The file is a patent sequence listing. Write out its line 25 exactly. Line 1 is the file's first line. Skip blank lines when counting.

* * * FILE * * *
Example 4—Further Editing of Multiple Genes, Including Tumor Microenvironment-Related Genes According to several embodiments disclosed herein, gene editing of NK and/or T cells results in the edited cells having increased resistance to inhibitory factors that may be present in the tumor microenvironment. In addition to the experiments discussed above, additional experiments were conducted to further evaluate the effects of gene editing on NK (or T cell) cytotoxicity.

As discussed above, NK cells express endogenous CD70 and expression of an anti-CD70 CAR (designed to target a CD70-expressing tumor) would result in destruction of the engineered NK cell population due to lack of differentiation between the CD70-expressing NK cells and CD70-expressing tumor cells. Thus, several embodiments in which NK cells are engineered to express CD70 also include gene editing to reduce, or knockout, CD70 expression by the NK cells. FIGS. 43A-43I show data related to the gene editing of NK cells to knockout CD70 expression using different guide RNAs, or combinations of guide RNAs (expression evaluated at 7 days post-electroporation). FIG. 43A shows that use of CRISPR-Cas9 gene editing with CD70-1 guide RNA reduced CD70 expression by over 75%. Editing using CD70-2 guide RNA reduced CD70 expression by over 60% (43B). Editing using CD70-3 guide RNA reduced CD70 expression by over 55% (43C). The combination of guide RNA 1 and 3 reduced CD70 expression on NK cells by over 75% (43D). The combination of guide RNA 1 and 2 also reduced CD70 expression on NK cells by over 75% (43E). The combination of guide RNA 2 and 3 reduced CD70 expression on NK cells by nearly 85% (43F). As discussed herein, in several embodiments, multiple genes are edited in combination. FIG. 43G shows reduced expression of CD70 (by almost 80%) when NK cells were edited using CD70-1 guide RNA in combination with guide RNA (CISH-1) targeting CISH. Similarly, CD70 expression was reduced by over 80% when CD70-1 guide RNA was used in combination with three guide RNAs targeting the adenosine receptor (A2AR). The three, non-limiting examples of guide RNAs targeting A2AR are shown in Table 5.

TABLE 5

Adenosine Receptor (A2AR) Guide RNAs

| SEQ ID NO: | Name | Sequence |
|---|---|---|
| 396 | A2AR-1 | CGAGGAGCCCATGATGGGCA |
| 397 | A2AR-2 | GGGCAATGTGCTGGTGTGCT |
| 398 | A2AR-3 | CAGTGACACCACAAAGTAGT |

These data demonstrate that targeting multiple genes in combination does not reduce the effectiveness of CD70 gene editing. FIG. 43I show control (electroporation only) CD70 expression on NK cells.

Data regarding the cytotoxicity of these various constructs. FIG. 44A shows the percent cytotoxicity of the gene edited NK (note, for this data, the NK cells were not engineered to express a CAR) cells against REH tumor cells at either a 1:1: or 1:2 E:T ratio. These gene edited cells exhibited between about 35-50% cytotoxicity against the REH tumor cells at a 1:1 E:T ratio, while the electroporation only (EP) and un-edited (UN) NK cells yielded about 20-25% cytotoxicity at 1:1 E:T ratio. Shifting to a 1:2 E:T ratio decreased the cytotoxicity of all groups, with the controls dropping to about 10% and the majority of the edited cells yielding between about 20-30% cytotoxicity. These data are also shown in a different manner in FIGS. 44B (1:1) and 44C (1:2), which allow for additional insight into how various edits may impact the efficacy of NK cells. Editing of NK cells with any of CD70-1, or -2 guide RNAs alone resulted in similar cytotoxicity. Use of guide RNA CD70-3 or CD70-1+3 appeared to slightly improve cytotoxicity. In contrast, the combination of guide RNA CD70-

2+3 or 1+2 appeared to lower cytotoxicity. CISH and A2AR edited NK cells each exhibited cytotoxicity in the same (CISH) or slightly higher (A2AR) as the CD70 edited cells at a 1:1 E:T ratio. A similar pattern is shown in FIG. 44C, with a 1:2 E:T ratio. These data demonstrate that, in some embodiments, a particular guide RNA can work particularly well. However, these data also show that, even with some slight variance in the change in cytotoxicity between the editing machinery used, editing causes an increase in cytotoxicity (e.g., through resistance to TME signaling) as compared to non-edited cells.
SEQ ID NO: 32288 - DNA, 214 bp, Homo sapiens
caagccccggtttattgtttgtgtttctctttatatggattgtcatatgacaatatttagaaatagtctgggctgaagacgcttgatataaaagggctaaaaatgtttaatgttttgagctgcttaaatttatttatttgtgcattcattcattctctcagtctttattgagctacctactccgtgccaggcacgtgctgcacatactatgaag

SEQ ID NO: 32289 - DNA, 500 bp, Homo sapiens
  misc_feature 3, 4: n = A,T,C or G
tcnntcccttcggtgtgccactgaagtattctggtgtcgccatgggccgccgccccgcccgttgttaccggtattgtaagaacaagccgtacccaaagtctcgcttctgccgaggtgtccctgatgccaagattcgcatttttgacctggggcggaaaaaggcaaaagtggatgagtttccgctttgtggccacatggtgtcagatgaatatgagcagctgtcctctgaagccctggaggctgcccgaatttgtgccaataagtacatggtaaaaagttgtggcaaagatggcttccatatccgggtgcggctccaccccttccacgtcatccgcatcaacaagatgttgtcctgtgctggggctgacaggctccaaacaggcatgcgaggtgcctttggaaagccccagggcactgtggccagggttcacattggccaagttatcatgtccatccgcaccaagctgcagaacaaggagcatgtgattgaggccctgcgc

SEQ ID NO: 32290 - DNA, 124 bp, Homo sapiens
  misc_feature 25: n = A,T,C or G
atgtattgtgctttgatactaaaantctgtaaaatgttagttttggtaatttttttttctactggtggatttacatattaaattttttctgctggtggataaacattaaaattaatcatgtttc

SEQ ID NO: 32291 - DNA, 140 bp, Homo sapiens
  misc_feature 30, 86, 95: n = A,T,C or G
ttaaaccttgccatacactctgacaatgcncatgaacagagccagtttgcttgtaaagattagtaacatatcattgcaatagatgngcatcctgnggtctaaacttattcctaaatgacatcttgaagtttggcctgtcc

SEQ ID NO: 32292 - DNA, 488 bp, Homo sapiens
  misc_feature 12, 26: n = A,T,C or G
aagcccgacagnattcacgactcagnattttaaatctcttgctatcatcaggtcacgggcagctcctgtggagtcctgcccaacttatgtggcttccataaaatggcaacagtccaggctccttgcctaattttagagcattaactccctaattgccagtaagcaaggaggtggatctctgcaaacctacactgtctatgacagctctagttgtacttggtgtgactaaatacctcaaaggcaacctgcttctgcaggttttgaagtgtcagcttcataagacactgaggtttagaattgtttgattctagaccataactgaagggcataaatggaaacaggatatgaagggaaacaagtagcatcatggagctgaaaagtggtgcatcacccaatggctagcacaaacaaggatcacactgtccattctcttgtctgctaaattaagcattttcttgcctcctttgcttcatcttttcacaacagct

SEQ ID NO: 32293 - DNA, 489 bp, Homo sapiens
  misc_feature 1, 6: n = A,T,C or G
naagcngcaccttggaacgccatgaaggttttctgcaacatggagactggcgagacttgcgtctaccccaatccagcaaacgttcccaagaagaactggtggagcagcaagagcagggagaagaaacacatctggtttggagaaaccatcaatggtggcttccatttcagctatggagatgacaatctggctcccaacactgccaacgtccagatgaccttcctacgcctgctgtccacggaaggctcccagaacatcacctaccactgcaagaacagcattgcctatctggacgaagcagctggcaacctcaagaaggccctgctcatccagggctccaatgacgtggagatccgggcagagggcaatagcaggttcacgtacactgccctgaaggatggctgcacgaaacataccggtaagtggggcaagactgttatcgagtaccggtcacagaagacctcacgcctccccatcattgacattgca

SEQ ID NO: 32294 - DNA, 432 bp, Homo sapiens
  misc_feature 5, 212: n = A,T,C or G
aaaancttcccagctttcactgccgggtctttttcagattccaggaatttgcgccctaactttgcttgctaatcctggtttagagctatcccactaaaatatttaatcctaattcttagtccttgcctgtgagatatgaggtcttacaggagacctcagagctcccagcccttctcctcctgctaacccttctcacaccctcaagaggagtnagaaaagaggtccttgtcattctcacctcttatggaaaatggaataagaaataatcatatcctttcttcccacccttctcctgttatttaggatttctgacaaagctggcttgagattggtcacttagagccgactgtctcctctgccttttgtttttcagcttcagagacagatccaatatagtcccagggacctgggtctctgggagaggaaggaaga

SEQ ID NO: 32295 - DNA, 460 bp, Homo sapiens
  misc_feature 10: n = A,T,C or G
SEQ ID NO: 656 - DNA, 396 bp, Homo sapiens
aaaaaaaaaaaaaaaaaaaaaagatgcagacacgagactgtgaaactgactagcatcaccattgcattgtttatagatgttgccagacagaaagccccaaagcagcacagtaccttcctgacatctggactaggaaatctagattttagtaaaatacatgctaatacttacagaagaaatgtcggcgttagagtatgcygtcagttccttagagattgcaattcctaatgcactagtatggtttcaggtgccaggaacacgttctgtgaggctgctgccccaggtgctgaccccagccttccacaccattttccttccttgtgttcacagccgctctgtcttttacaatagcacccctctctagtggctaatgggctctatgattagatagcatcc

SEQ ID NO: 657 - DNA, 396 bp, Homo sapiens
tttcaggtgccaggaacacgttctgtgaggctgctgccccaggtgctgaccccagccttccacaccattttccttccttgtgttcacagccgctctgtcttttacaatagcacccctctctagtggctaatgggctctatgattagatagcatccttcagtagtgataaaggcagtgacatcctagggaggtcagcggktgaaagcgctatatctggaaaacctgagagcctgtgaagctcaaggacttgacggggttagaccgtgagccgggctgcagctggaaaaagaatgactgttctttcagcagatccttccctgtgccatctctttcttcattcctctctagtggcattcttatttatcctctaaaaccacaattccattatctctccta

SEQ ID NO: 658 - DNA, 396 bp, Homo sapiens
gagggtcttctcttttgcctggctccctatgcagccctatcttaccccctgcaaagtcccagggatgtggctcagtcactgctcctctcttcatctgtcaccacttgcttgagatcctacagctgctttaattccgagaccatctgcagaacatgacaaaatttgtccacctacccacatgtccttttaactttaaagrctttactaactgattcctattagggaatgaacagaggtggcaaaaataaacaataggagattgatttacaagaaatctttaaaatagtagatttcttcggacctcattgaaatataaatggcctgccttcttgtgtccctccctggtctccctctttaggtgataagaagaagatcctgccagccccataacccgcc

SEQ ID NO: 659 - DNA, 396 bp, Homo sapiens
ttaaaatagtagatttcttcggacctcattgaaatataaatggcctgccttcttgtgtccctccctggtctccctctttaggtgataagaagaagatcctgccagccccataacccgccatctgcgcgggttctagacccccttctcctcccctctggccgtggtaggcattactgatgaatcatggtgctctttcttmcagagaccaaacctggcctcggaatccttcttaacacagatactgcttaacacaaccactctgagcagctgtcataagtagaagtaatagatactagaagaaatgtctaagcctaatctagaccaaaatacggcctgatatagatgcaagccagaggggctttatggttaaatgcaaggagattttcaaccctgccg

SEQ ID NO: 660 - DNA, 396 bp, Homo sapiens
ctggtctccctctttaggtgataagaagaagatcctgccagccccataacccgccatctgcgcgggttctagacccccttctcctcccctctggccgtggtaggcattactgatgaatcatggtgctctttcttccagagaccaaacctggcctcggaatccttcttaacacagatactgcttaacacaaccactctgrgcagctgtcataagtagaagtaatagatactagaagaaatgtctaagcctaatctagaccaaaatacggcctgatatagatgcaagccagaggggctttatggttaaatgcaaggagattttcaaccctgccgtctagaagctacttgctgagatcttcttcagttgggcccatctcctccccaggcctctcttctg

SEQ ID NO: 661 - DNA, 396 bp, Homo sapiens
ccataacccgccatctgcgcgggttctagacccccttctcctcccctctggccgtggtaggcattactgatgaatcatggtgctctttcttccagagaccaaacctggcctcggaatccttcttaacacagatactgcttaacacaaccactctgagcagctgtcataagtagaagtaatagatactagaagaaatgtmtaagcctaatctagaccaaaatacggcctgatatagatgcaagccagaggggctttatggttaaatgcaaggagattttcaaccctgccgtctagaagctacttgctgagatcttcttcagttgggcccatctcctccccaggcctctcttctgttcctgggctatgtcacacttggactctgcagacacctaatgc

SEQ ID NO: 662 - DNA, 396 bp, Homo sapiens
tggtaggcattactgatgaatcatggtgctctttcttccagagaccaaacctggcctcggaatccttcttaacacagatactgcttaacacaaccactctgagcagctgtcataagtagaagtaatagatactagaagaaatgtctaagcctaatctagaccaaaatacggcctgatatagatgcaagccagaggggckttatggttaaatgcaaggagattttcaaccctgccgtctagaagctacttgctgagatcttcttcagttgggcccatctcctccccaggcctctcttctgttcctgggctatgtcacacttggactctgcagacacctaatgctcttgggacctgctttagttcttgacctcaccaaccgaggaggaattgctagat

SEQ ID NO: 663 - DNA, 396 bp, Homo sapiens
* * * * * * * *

  misc_feature 12, 26: n = A,T,C or G